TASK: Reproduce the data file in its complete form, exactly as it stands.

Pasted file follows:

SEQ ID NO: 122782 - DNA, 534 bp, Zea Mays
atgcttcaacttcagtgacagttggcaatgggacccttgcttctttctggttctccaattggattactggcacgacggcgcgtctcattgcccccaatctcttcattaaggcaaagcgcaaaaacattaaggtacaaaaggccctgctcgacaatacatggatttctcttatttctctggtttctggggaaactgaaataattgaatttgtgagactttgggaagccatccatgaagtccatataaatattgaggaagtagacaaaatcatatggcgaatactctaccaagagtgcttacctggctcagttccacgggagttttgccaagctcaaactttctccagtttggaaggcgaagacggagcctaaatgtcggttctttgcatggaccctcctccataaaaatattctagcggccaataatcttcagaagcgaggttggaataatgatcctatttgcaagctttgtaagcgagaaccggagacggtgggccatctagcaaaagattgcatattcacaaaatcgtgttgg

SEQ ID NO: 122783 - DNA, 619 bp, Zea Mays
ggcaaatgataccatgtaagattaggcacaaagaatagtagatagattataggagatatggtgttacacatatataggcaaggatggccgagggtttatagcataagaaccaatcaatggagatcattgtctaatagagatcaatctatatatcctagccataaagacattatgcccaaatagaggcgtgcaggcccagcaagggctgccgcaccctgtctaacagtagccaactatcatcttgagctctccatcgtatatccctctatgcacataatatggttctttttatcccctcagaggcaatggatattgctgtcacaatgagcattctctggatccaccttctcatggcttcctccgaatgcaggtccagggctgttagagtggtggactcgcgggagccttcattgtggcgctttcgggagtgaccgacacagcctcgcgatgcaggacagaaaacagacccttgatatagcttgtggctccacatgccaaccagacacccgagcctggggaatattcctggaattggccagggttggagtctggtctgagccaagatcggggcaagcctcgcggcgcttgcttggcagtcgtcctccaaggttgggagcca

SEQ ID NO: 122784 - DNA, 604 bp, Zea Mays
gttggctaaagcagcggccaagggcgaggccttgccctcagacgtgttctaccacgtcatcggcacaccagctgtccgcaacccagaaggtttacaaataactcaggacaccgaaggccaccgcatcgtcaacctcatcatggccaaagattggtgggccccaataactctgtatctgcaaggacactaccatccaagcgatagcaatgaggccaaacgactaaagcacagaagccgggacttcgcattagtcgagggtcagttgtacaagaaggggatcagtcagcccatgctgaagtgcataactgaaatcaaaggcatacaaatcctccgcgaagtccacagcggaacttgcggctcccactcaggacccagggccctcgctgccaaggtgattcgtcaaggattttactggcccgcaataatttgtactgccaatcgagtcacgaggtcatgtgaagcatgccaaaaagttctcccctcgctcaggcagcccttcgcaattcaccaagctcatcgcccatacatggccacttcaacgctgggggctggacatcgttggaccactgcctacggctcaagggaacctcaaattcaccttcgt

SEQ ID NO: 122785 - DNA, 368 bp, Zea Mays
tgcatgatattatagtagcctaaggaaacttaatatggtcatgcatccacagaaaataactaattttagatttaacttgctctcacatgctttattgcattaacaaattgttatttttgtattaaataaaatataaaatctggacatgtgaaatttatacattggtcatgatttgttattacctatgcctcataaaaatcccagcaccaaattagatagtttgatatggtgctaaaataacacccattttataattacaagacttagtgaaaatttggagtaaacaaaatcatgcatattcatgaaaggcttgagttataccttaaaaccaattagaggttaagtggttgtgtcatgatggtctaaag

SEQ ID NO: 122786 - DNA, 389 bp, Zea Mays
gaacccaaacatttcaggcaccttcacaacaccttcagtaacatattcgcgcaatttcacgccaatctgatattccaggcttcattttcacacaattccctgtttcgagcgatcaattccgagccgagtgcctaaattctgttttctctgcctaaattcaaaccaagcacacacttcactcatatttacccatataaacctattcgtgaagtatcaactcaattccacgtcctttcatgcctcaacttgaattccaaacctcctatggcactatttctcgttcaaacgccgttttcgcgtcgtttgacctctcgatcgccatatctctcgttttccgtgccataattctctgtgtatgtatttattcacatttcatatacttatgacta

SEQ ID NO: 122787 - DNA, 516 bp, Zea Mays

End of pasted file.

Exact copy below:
SEQ ID NO: 122782 - DNA, 534 bp, Zea Mays
atgcttcaacttcagtgacagttggcaatgggacccttgcttctttctggttctccaattggattactggcacgacggcgcgtctcattgcccccaatctcttcattaaggcaaagcgcaaaaacattaaggtacaaaaggccctgctcgacaatacatggatttctcttatttctctggtttctggggaaactgaaataattgaatttgtgagactttgggaagccatccatgaagtccatataaatattgaggaagtagacaaaatcatatggcgaatactctaccaagagtgcttacctggctcagttccacgggagttttgccaagctcaaactttctccagtttggaaggcgaagacggagcctaaatgtcggttctttgcatggaccctcctccataaaaatattctagcggccaataatcttcagaagcgaggttggaataatgatcctatttgcaagctttgtaagcgagaaccggagacggtgggccatctagcaaaagattgcatattcacaaaatcgtgttgg

SEQ ID NO: 122783 - DNA, 619 bp, Zea Mays
ggcaaatgataccatgtaagattaggcacaaagaatagtagatagattataggagatatggtgttacacatatataggcaaggatggccgagggtttatagcataagaaccaatcaatggagatcattgtctaatagagatcaatctatatatcctagccataaagacattatgcccaaatagaggcgtgcaggcccagcaagggctgccgcaccctgtctaacagtagccaactatcatcttgagctctccatcgtatatccctctatgcacataatatggttctttttatcccctcagaggcaatggatattgctgtcacaatgagcattctctggatccaccttctcatggcttcctccgaatgcaggtccagggctgttagagtggtggactcgcgggagccttcattgtggcgctttcgggagtgaccgacacagcctcgcgatgcaggacagaaaacagacccttgatatagcttgtggctccacatgccaaccagacacccgagcctggggaatattcctggaattggccagggttggagtctggtctgagccaagatcggggcaagcctcgcggcgcttgcttggcagtcgtcctccaaggttgggagcca

SEQ ID NO: 122784 - DNA, 604 bp, Zea Mays
gttggctaaagcagcggccaagggcgaggccttgccctcagacgtgttctaccacgtcatcggcacaccagctgtccgcaacccagaaggtttacaaataactcaggacaccgaaggccaccgcatcgtcaacctcatcatggccaaagattggtgggccccaataactctgtatctgcaaggacactaccatccaagcgatagcaatgaggccaaacgactaaagcacagaagccgggacttcgcattagtcgagggtcagttgtacaagaaggggatcagtcagcccatgctgaagtgcataactgaaatcaaaggcatacaaatcctccgcgaagtccacagcggaacttgcggctcccactcaggacccagggccctcgctgccaaggtgattcgtcaaggattttactggcccgcaataatttgtactgccaatcgagtcacgaggtcatgtgaagcatgccaaaaagttctcccctcgctcaggcagcccttcgcaattcaccaagctcatcgcccatacatggccacttcaacgctgggggctggacatcgttggaccactgcctacggctcaagggaacctcaaattcaccttcgt

SEQ ID NO: 122785 - DNA, 368 bp, Zea Mays
tgcatgatattatagtagcctaaggaaacttaatatggtcatgcatccacagaaaataactaattttagatttaacttgctctcacatgctttattgcattaacaaattgttatttttgtattaaataaaatataaaatctggacatgtgaaatttatacattggtcatgatttgttattacctatgcctcataaaaatcccagcaccaaattagatagtttgatatggtgctaaaataacacccattttataattacaagacttagtgaaaatttggagtaaacaaaatcatgcatattcatgaaaggcttgagttataccttaaaaccaattagaggttaagtggttgtgtcatgatggtctaaag

SEQ ID NO: 122786 - DNA, 389 bp, Zea Mays
gaacccaaacatttcaggcaccttcacaacaccttcagtaacatattcgcgcaatttcacgccaatctgatattccaggcttcattttcacacaattccctgtttcgagcgatcaattccgagccgagtgcctaaattctgttttctctgcctaaattcaaaccaagcacacacttcactcatatttacccatataaacctattcgtgaagtatcaactcaattccacgtcctttcatgcctcaacttgaattccaaacctcctatggcactatttctcgttcaaacgccgttttcgcgtcgtttgacctctcgatcgccatatctctcgttttccgtgccataattctctgtgtatgtatttattcacatttcatatacttatgacta

SEQ ID NO: 122787 - DNA, 516 bp, Zea Mays